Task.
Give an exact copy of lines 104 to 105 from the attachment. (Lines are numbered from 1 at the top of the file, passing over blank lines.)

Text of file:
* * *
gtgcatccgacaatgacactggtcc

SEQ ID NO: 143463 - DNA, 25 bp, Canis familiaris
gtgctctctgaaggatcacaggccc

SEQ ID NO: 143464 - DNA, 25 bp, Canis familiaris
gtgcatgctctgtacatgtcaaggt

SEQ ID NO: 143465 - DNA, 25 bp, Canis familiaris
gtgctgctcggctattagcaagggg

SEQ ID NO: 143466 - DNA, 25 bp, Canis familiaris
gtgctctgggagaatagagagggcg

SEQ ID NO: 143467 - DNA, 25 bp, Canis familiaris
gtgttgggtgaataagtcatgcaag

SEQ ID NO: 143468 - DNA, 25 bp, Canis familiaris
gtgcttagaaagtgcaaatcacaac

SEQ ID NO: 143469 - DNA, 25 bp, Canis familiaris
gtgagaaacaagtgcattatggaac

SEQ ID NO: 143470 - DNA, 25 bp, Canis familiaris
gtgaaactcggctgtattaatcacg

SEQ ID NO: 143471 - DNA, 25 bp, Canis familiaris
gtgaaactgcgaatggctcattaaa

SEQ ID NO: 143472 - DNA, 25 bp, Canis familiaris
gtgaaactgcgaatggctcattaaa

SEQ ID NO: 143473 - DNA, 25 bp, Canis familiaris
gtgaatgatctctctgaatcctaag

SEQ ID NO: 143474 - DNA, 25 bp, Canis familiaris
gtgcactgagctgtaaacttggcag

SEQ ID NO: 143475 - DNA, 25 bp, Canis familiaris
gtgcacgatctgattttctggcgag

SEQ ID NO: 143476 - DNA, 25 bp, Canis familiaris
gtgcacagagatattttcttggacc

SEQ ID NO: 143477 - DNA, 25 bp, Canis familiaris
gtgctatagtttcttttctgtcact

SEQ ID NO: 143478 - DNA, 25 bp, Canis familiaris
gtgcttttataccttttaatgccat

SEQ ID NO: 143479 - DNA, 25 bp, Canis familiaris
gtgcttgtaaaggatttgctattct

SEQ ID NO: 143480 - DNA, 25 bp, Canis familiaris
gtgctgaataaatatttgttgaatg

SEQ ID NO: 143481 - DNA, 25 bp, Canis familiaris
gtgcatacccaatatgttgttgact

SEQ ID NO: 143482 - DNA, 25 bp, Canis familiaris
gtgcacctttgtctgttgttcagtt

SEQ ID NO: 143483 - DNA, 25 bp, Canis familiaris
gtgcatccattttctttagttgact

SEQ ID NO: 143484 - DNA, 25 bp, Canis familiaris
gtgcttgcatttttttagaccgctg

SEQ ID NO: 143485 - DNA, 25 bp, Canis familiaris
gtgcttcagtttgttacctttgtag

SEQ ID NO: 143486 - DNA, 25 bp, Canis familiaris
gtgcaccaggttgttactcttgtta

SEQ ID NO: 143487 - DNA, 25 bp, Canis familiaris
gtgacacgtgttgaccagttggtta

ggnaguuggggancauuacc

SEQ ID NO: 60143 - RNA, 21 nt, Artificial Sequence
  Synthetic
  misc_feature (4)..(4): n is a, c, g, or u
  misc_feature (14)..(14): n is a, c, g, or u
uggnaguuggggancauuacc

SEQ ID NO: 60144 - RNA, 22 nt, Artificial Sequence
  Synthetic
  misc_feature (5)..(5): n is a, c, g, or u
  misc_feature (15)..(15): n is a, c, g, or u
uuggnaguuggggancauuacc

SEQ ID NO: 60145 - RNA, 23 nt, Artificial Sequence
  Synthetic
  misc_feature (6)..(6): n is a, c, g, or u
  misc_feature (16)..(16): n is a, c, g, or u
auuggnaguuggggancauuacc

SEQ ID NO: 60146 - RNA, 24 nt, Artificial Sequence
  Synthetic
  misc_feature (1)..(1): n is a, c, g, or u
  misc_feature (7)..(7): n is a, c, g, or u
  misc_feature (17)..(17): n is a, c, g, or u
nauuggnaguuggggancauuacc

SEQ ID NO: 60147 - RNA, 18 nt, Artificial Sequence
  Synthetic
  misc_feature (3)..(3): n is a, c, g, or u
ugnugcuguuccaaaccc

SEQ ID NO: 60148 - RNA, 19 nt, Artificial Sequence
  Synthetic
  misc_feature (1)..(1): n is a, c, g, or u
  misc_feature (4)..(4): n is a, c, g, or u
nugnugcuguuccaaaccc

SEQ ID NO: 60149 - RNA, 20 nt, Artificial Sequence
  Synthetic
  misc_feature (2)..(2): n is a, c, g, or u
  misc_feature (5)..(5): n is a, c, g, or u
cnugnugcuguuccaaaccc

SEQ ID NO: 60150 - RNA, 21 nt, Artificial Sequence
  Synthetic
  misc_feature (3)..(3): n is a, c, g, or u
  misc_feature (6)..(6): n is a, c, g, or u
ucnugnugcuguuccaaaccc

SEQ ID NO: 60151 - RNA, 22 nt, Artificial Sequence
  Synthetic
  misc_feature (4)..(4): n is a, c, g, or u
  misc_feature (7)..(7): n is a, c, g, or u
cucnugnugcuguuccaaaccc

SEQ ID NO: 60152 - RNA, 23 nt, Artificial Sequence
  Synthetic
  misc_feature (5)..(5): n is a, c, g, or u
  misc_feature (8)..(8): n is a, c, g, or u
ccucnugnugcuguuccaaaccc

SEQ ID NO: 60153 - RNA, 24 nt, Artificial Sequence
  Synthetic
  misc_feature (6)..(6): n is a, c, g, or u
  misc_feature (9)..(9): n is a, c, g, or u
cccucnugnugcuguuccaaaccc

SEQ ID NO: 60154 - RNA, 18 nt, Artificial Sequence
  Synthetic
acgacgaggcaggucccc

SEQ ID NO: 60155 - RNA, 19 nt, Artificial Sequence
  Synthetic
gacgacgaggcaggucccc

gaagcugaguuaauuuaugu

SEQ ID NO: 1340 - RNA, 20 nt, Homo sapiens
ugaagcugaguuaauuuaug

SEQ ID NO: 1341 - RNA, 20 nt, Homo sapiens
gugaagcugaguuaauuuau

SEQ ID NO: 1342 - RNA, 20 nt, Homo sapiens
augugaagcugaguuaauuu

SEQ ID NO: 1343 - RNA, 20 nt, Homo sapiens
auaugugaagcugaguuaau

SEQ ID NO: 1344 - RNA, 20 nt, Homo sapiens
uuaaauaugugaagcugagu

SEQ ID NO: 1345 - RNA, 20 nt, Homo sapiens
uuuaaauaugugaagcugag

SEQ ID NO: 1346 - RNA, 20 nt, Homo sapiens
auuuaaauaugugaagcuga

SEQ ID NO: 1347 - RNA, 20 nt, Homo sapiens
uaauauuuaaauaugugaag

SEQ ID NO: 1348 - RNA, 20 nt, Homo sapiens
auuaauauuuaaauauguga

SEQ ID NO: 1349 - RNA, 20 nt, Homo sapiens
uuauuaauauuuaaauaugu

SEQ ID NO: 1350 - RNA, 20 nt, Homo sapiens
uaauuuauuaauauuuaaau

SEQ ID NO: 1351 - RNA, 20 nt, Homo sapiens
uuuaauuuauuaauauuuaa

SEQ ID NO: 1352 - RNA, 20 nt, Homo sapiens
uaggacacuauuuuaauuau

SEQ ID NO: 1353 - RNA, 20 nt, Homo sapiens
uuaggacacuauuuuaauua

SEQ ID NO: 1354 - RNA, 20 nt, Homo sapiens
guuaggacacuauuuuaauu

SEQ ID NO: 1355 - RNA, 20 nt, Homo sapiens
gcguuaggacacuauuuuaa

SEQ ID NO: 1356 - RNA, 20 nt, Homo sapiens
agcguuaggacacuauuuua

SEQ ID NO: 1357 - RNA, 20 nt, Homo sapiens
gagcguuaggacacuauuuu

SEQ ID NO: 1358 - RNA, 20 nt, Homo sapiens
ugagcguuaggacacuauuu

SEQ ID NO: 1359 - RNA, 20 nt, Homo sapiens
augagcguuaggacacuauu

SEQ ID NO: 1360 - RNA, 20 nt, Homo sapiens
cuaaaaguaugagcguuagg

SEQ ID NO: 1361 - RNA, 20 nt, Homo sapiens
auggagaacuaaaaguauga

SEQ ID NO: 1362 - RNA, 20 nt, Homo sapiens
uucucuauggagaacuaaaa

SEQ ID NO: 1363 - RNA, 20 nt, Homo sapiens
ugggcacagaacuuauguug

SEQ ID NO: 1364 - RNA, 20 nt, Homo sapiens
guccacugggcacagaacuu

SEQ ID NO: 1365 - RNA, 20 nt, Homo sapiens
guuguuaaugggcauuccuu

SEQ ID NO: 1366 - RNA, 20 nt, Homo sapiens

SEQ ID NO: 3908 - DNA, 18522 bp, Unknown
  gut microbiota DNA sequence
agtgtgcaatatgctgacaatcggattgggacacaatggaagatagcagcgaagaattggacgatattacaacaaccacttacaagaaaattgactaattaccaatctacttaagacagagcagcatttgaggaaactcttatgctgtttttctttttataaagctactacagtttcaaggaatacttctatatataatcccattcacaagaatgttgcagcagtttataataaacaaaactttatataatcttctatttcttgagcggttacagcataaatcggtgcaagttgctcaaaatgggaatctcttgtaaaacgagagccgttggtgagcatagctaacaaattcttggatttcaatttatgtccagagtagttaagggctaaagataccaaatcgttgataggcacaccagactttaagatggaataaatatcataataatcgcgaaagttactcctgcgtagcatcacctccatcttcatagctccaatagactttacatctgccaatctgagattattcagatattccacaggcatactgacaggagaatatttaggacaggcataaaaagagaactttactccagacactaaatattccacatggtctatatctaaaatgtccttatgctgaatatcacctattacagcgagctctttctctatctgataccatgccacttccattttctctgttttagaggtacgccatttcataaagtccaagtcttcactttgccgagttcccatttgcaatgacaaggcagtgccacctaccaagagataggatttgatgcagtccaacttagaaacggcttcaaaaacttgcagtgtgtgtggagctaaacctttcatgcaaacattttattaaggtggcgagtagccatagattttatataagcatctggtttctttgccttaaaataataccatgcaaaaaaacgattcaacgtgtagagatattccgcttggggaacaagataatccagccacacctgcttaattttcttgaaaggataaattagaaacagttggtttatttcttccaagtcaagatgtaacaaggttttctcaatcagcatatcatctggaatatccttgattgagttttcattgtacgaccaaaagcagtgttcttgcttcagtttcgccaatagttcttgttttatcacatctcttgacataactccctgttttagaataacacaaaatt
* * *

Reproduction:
  Synthetic
  misc_feature (6)..(6): n is a, c, g, or u